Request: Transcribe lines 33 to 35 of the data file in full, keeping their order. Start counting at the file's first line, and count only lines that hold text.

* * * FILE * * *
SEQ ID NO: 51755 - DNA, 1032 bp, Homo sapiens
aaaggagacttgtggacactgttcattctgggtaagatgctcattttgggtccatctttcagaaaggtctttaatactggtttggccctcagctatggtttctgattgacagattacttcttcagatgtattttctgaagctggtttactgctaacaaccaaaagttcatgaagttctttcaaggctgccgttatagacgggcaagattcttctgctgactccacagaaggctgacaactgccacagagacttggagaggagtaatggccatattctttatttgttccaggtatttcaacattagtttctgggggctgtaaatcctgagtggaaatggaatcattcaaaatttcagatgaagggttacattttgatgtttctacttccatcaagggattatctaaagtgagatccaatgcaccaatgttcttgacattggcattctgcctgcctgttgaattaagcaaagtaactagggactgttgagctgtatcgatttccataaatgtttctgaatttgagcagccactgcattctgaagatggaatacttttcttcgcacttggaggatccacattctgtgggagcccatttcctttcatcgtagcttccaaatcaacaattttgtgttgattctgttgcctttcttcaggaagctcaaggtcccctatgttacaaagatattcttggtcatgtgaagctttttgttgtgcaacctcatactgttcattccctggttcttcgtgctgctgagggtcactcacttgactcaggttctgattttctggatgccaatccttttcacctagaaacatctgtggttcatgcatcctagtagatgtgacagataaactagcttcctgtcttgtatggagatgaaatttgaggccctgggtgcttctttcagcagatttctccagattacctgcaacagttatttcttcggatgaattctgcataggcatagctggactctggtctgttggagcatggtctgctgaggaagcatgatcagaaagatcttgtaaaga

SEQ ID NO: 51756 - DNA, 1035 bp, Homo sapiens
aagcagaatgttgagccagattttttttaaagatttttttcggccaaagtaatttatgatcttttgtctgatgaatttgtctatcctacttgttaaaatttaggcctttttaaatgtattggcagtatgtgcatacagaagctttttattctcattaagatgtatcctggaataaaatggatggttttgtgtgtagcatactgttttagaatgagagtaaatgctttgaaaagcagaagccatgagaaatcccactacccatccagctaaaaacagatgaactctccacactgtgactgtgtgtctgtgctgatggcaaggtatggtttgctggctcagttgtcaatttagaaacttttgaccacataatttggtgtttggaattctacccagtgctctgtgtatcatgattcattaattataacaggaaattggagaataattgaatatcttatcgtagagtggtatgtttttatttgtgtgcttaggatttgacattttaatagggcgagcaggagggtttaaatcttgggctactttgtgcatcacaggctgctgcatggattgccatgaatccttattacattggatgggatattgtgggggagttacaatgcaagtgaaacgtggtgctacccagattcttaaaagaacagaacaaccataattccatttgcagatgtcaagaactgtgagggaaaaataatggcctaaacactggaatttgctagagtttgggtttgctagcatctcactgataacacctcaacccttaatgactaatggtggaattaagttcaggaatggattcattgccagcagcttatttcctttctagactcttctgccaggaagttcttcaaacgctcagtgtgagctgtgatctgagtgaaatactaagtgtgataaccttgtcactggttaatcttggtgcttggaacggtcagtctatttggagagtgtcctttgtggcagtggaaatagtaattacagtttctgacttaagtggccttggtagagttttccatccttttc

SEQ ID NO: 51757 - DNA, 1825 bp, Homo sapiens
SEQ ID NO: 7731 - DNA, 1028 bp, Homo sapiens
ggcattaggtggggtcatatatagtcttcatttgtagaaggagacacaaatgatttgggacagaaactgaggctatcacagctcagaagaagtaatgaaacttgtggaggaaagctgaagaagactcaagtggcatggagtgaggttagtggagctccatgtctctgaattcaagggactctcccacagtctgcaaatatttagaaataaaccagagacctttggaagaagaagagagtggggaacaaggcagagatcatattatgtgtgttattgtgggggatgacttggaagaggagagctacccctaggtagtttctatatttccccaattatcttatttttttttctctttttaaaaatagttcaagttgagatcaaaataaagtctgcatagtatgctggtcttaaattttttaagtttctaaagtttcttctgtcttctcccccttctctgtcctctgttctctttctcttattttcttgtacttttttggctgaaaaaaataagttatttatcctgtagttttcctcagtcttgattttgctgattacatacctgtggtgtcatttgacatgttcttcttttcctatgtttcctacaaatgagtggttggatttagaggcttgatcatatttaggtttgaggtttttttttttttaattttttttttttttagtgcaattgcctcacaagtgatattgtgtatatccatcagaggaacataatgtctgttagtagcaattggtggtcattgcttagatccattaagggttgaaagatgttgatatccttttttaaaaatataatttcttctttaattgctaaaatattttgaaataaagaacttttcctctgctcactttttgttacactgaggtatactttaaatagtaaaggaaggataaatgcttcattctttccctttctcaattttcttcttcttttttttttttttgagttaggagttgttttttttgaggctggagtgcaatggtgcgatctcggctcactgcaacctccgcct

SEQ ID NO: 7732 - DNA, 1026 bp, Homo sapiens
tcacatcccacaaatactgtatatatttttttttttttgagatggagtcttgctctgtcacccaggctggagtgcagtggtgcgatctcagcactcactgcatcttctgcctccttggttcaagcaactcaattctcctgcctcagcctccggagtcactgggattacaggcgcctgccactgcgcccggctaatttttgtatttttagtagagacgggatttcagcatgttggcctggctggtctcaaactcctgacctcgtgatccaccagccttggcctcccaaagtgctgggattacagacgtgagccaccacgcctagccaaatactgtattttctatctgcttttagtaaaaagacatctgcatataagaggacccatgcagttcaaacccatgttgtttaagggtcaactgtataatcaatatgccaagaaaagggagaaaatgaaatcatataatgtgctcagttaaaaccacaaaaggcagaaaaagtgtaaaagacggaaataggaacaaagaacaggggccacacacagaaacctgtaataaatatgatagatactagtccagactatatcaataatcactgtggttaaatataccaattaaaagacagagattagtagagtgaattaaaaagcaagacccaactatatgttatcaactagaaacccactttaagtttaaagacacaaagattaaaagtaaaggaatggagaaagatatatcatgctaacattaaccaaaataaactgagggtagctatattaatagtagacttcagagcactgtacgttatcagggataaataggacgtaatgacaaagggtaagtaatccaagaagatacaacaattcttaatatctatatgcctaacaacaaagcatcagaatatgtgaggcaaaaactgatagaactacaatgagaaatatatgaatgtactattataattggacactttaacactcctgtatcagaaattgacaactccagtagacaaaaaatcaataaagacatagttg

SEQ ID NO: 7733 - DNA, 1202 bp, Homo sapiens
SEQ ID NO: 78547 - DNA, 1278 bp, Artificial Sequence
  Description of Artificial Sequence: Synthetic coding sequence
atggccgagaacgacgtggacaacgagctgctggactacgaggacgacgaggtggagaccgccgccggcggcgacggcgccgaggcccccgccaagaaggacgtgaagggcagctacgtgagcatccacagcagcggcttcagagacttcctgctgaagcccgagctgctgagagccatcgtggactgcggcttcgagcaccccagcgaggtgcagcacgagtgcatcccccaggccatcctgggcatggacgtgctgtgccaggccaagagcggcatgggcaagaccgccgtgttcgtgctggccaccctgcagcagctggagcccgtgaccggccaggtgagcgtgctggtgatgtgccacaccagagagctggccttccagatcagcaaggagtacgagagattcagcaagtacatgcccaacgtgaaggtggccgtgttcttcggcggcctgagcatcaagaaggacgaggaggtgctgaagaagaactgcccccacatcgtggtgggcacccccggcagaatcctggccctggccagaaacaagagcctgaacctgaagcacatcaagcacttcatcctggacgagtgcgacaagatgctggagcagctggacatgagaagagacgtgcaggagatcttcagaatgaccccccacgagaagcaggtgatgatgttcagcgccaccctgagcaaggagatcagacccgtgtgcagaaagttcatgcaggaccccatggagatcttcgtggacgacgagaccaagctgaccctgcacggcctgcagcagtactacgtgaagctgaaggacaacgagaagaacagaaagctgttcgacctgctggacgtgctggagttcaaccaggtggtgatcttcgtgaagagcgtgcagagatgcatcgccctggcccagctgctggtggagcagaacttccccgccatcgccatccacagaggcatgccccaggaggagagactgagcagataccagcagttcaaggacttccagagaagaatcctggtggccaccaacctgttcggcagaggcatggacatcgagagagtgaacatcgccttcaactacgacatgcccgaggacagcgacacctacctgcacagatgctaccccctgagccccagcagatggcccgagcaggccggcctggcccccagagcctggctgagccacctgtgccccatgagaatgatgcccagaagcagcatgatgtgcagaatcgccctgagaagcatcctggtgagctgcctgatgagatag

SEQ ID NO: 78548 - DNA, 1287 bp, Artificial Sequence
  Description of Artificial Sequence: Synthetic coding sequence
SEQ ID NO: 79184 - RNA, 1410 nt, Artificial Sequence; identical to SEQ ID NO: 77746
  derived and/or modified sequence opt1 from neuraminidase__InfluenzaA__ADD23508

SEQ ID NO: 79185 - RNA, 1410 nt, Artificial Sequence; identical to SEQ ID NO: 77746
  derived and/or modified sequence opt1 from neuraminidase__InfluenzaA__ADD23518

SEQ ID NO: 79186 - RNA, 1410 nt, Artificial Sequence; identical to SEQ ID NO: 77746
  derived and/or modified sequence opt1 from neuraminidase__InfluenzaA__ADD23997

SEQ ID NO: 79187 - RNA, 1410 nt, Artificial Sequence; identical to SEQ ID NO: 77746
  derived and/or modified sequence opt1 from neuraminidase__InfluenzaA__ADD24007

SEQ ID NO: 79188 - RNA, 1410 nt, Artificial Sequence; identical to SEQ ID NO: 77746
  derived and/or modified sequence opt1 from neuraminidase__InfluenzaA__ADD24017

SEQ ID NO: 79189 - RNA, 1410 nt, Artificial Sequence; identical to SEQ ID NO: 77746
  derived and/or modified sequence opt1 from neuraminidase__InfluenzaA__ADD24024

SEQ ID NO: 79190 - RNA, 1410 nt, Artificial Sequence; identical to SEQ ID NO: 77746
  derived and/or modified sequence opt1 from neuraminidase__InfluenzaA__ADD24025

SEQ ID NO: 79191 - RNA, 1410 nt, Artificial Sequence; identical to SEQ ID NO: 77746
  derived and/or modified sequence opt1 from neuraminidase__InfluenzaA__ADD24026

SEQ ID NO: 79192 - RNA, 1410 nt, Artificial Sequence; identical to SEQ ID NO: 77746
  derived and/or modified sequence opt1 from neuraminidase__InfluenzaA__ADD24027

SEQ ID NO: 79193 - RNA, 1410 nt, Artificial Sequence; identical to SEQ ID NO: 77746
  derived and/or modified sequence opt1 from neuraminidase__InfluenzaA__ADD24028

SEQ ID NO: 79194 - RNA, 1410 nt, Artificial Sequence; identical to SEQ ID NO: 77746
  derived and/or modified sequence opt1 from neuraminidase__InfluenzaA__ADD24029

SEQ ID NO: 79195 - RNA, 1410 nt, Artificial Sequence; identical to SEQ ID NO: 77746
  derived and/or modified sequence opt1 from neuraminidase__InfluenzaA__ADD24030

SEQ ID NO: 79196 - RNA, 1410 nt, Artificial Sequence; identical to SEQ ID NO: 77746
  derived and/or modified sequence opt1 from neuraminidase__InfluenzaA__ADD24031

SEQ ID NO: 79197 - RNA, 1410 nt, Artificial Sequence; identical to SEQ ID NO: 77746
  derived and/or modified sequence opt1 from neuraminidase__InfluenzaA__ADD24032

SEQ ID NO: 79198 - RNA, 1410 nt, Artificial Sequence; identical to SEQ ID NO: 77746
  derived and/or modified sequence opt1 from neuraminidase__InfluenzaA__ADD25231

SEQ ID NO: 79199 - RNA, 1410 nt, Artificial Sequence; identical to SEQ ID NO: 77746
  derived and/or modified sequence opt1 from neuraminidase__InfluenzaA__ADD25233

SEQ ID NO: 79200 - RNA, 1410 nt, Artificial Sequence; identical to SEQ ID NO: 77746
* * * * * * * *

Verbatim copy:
  derived and/or modified sequence opt1 from neuraminidase__InfluenzaA__ADD24027

SEQ ID NO: 79193 - RNA, 1410 nt, Artificial Sequence; identical to SEQ ID NO: 77746
  derived and/or modified sequence opt1 from neuraminidase__InfluenzaA__ADD24028